Comments filed late last week in response to proposed FCC rules that would impose certain privacy mandates on broadband Internet service providers (ISPs) depict divergent views among consumer groups that support the rules and carriers that believe the proposed rules exceed the FCC’s jurisdiction and will lead to consumer confusion.  Also, on the eve of last Friday’s comment deadline, three House Republican leaders lauded the FederalTrade Commission’s (FTC’s) handling of Internet privacy issues in urging FCC Chairman Tom Wheeler to reconsider the FCC’s approach to broadband privacy.  Declaring that “creating a disparate set of rules” for broadband ISPs “is wrong,” the lawmakers claimed that the FCC’s Notice of Proposed Rulemaking (NPRM) “ignores the last four decades of development in the U.S.”

Adopted by a 3-2 vote on April 1, the NPRM seeks to implement Section 222 of the Communications Act of 1934 with respect to broadband ISPs. Section 222 outlines the duty of telecommunications carriers “to protect the confidentiality of proprietary information of, and relating to, other telecommunication carriers, equipment manufacturers, and customers.” Resembling consumer proprietary network information rules that the FCC has applied to telephone service providers, the draft rules would require ISPs to obtainsubscriber consent before collecting and sharing certain data with advertisers and other third-parties, and would separate consumer data into three categories (inherent, opt-out, and opt-in) that would require different levels of consent.  In a press release accompanying the NPRM, the FCC predicted that the proposed rules, once enacted, would give broadband consumers “meaningful choice, greater transparency, and strong security protections for their personal information collected by ISPs.”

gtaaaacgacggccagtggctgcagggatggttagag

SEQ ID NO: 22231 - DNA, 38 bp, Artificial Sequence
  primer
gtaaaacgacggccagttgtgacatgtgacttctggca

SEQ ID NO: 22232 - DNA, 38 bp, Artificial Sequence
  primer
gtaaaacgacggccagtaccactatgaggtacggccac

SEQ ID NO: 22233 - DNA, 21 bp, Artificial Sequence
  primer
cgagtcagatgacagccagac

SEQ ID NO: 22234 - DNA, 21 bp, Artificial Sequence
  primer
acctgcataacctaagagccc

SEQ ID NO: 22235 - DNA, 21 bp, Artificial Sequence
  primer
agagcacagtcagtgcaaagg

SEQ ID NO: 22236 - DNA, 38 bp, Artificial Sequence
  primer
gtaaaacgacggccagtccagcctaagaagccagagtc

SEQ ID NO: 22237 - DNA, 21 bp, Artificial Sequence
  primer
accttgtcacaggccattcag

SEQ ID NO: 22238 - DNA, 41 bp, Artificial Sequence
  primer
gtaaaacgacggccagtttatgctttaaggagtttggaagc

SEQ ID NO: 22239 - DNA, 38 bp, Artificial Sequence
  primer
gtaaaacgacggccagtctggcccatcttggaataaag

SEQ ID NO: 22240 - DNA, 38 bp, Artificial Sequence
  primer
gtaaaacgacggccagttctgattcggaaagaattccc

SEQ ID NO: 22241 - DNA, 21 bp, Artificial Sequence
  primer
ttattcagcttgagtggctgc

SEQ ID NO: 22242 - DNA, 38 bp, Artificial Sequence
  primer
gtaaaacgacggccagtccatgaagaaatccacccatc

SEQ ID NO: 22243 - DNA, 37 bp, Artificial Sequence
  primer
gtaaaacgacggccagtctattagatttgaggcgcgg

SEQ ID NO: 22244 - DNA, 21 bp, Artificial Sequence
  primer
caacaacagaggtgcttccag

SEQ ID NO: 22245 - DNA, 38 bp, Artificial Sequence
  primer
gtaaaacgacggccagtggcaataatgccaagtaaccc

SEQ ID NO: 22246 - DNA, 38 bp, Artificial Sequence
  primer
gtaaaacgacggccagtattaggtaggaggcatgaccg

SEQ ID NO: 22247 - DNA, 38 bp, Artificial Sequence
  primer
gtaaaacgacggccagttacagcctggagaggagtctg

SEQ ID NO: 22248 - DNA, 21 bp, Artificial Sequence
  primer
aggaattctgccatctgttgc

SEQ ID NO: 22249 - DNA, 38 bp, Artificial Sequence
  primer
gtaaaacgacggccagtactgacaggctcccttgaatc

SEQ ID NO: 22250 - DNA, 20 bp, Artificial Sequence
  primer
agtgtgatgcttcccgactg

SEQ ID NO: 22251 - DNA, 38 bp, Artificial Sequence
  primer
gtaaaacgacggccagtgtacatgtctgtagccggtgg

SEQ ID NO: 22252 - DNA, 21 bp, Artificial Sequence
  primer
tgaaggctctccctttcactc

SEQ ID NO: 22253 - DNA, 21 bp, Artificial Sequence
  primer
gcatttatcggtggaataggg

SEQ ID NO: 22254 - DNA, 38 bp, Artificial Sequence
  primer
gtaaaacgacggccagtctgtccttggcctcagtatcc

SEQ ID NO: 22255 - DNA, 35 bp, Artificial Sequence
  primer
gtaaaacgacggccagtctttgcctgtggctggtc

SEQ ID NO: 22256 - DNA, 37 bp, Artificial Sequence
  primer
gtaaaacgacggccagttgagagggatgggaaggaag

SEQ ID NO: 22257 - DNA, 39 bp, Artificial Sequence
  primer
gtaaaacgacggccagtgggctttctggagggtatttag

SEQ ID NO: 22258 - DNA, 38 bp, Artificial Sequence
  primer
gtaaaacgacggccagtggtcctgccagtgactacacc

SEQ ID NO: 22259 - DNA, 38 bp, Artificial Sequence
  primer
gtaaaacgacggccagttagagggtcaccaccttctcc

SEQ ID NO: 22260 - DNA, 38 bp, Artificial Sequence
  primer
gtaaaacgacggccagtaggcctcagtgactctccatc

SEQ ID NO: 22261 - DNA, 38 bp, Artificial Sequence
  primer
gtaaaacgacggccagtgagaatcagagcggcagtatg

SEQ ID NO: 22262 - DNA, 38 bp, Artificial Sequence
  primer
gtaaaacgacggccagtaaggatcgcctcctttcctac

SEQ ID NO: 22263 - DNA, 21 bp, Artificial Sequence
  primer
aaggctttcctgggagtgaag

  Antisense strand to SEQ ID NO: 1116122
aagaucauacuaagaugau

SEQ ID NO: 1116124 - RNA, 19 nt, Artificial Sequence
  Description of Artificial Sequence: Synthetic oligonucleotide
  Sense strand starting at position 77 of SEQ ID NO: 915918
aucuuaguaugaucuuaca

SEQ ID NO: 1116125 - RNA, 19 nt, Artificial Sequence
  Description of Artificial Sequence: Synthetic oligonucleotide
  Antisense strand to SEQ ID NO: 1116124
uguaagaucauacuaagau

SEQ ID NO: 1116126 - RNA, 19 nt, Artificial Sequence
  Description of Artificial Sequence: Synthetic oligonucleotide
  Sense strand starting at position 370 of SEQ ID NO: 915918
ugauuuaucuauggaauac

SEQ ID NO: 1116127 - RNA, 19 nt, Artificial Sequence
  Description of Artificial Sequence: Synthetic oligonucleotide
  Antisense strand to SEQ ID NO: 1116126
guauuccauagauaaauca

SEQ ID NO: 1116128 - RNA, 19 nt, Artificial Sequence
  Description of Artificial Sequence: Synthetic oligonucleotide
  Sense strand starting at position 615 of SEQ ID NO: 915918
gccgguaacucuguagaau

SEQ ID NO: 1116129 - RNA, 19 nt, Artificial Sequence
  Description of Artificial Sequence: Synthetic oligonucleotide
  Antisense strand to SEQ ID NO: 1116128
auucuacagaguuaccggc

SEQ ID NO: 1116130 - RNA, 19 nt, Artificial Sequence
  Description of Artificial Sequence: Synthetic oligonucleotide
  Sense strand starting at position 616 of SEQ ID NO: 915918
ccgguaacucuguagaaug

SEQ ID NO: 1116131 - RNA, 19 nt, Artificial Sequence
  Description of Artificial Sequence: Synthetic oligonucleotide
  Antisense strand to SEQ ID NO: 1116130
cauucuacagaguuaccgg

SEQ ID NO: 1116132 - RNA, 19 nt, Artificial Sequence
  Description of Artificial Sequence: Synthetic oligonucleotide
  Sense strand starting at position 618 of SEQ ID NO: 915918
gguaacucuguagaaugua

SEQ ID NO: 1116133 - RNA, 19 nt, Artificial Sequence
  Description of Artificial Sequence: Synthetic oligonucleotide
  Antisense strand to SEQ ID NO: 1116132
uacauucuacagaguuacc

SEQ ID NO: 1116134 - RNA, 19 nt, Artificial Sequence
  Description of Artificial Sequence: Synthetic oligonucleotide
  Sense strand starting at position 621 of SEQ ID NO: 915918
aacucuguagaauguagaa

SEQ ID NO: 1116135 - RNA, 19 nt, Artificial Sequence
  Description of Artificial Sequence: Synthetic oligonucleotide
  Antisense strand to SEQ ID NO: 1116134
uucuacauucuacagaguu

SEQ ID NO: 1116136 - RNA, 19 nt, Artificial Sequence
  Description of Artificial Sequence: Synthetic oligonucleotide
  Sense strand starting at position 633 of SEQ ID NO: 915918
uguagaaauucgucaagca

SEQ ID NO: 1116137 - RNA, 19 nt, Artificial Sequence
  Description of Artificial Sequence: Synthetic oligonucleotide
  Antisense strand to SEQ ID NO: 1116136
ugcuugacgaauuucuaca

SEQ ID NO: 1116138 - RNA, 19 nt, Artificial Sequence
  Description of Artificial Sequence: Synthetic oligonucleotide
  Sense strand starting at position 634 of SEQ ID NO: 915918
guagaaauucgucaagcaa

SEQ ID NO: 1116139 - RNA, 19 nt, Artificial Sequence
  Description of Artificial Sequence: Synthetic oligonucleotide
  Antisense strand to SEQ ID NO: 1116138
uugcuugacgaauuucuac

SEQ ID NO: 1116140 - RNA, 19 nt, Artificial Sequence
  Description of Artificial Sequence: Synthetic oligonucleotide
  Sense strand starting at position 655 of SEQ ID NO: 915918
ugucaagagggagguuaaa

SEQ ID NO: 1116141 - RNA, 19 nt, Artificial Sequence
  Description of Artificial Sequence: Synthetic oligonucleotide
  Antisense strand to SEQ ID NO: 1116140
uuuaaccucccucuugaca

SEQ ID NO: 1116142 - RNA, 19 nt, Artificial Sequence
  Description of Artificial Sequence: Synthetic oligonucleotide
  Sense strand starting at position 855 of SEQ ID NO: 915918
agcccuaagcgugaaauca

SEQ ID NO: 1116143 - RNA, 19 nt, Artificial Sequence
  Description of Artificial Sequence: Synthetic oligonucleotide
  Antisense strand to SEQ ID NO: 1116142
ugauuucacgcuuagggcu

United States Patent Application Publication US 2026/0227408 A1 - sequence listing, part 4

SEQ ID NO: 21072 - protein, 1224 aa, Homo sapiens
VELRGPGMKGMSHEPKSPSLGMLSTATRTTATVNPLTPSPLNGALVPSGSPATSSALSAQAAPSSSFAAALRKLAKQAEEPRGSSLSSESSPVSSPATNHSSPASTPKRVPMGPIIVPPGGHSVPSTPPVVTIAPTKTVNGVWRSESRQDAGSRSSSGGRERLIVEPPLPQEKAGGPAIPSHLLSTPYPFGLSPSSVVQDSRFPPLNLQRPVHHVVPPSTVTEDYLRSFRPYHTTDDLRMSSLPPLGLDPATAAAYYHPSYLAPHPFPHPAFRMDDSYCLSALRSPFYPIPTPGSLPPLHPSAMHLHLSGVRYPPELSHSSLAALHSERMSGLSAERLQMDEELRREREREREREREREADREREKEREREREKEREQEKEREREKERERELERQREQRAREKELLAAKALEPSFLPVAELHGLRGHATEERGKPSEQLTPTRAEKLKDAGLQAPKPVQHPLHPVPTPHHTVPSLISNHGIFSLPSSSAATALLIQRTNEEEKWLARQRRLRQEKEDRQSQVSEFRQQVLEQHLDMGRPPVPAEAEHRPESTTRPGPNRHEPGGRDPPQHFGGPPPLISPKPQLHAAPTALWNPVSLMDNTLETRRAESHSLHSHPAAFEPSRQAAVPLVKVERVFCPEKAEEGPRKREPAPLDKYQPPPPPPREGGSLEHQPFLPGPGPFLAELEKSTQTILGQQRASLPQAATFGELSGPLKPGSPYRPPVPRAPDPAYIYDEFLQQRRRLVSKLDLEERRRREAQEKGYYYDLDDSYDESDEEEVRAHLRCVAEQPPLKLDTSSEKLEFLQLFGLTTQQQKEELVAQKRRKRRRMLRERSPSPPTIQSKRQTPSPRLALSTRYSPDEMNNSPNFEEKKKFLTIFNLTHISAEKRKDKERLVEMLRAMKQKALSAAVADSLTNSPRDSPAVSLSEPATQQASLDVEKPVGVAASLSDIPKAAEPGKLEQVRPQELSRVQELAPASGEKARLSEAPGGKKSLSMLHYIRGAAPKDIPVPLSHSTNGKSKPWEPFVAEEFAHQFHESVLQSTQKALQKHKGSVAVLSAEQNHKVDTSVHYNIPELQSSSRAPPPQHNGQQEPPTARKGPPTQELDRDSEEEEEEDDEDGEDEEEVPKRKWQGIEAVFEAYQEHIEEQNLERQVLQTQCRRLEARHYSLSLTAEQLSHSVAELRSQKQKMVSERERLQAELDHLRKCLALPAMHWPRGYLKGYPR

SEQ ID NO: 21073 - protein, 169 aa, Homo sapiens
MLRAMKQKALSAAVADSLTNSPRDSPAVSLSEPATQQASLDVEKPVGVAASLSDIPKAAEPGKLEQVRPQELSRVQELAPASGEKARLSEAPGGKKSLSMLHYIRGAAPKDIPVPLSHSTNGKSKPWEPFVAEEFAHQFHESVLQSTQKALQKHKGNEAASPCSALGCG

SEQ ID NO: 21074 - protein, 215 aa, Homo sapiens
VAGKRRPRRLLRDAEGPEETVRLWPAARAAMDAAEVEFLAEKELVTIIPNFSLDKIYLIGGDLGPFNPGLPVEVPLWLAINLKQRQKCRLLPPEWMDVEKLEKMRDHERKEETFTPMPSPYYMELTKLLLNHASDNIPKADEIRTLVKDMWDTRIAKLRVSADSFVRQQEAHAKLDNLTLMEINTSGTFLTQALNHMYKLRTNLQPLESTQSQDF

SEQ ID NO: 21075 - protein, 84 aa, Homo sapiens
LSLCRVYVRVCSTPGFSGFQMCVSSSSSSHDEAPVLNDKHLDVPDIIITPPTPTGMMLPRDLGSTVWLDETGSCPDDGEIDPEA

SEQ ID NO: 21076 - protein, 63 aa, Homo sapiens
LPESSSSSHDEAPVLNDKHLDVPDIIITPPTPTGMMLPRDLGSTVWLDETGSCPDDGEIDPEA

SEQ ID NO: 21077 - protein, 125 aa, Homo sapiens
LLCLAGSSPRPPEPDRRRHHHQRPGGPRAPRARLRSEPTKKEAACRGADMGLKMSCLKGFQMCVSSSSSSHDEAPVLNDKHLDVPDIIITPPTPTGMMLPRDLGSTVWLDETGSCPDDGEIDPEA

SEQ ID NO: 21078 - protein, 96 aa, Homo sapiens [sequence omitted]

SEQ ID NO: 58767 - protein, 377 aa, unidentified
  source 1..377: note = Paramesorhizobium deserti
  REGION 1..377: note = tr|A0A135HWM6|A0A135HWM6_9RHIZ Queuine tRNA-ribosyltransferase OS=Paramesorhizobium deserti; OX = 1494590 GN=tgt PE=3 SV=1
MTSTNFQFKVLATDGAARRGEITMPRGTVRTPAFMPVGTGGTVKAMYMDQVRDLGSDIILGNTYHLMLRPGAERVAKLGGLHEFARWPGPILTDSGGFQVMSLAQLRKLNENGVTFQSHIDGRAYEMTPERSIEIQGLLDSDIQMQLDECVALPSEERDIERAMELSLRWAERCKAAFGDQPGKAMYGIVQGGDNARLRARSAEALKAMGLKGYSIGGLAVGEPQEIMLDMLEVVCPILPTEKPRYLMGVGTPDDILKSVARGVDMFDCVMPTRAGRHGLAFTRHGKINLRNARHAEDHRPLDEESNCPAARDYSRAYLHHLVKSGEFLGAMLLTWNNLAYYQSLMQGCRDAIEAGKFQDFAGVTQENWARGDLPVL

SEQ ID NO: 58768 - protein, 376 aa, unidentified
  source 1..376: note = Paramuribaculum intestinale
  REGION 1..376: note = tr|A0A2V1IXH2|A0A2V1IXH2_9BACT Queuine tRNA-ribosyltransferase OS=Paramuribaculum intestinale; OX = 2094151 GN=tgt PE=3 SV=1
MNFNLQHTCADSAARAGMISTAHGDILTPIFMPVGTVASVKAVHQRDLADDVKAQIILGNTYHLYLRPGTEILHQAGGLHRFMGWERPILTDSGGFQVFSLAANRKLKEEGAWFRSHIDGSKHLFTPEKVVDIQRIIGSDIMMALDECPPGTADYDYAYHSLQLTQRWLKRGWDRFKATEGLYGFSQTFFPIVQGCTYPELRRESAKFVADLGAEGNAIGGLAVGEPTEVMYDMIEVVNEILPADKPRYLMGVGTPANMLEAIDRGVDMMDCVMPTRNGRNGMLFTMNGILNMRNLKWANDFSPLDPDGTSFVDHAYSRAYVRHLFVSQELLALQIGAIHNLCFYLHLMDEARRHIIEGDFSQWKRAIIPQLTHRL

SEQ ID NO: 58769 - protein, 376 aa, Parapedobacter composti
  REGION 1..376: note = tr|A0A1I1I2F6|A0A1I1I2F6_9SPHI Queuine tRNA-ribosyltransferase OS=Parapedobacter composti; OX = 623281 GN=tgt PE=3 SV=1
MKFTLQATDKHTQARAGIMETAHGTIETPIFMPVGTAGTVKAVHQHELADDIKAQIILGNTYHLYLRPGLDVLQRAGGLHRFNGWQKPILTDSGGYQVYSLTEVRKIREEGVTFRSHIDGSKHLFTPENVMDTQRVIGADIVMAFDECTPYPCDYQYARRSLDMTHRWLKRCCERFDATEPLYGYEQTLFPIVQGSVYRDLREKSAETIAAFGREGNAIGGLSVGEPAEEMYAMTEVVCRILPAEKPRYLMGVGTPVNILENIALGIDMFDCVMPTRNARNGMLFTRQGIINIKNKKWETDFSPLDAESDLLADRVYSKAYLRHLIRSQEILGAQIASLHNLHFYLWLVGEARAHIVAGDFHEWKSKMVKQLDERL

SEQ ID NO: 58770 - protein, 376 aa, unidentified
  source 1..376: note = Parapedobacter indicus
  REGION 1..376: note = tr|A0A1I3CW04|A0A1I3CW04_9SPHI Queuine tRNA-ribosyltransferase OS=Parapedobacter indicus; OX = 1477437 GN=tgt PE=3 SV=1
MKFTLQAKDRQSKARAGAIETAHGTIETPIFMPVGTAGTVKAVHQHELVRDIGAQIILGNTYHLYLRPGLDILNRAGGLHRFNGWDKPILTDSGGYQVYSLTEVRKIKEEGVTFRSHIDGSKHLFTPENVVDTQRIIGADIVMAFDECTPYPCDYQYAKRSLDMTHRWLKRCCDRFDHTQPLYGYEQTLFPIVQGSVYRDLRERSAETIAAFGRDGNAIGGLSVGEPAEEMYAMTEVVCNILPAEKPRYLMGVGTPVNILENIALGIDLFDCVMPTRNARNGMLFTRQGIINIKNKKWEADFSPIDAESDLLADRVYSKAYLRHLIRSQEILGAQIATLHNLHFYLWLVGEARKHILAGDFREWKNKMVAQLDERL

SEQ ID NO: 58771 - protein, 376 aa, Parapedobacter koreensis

Endorsing the NPRM, the American Civil Liberties Union told the FCC that “there is no reason” the privacy protections of Section 222 should not be extended to broadband ISPs, asserting:  “when an American picks up the phone to call a suicide hotline . . . or a cancer doctor, he or she doesn’t have to worry that the phone company will sell that information to others.” Similarly, in voicing support for the rules, a coalition of public interest groups led by Public Knowledge cautioned that an ISP “can paint a detailed, composite picture of a user’s life solely from basic header information such as IP addresses, ports and timing.”  Fearing, however, that the proposed rules “will lead to an undue burden on our nation’s telecommunications providers,” the National Association of Manufacturers warned that the proposed rules “will take away critical resources that would otherwise be applied to further investment in our nation’s broadband infrastructure on which manufacturers depend to fuel their innovation pipeline.”  While lamenting that the proposed rules “single out [ISPs] for a unique set of burdensome requirements,” Verizon claimed that the proposal “will harm consumers by creating confusion, promoting insecurity and depriving customers of the benefits of competition.” 

Meanwhile, House Commerce Committee Chairman Fred Upton (R-MI) joined House Communications & Technology Subcommittee Chairman Greg Walden (R-OR) and House Commerce, Manufacturing & Trade Subcommittee Chairman Michael Burgess (R-TX) in highlighting the success of the Federal Trade Commission (FTC) in applying an enforcement-oriented approach to Internet privacy to all players throughout the Internet ecosystem.  Observing that the NPRM, in combination with Open Internet rules adopted by the FCC last year, effectively creates “a two-tiered Internet” that removes broadband ISPs “from the FTC’s jurisdiction,” the lawmakers told Wheeler that the FCC’s proposal for ISP-specific privacy rules “seems to miss the point.”  Instead the lawmakers recommended “a more consistent privacy experience for consumers” that “[mirrors] the FTC’s successful enforcement-based regime,” adding that such an approach “can work to protect consumers without injecting new complexity and uncertainty into the Internet economy.”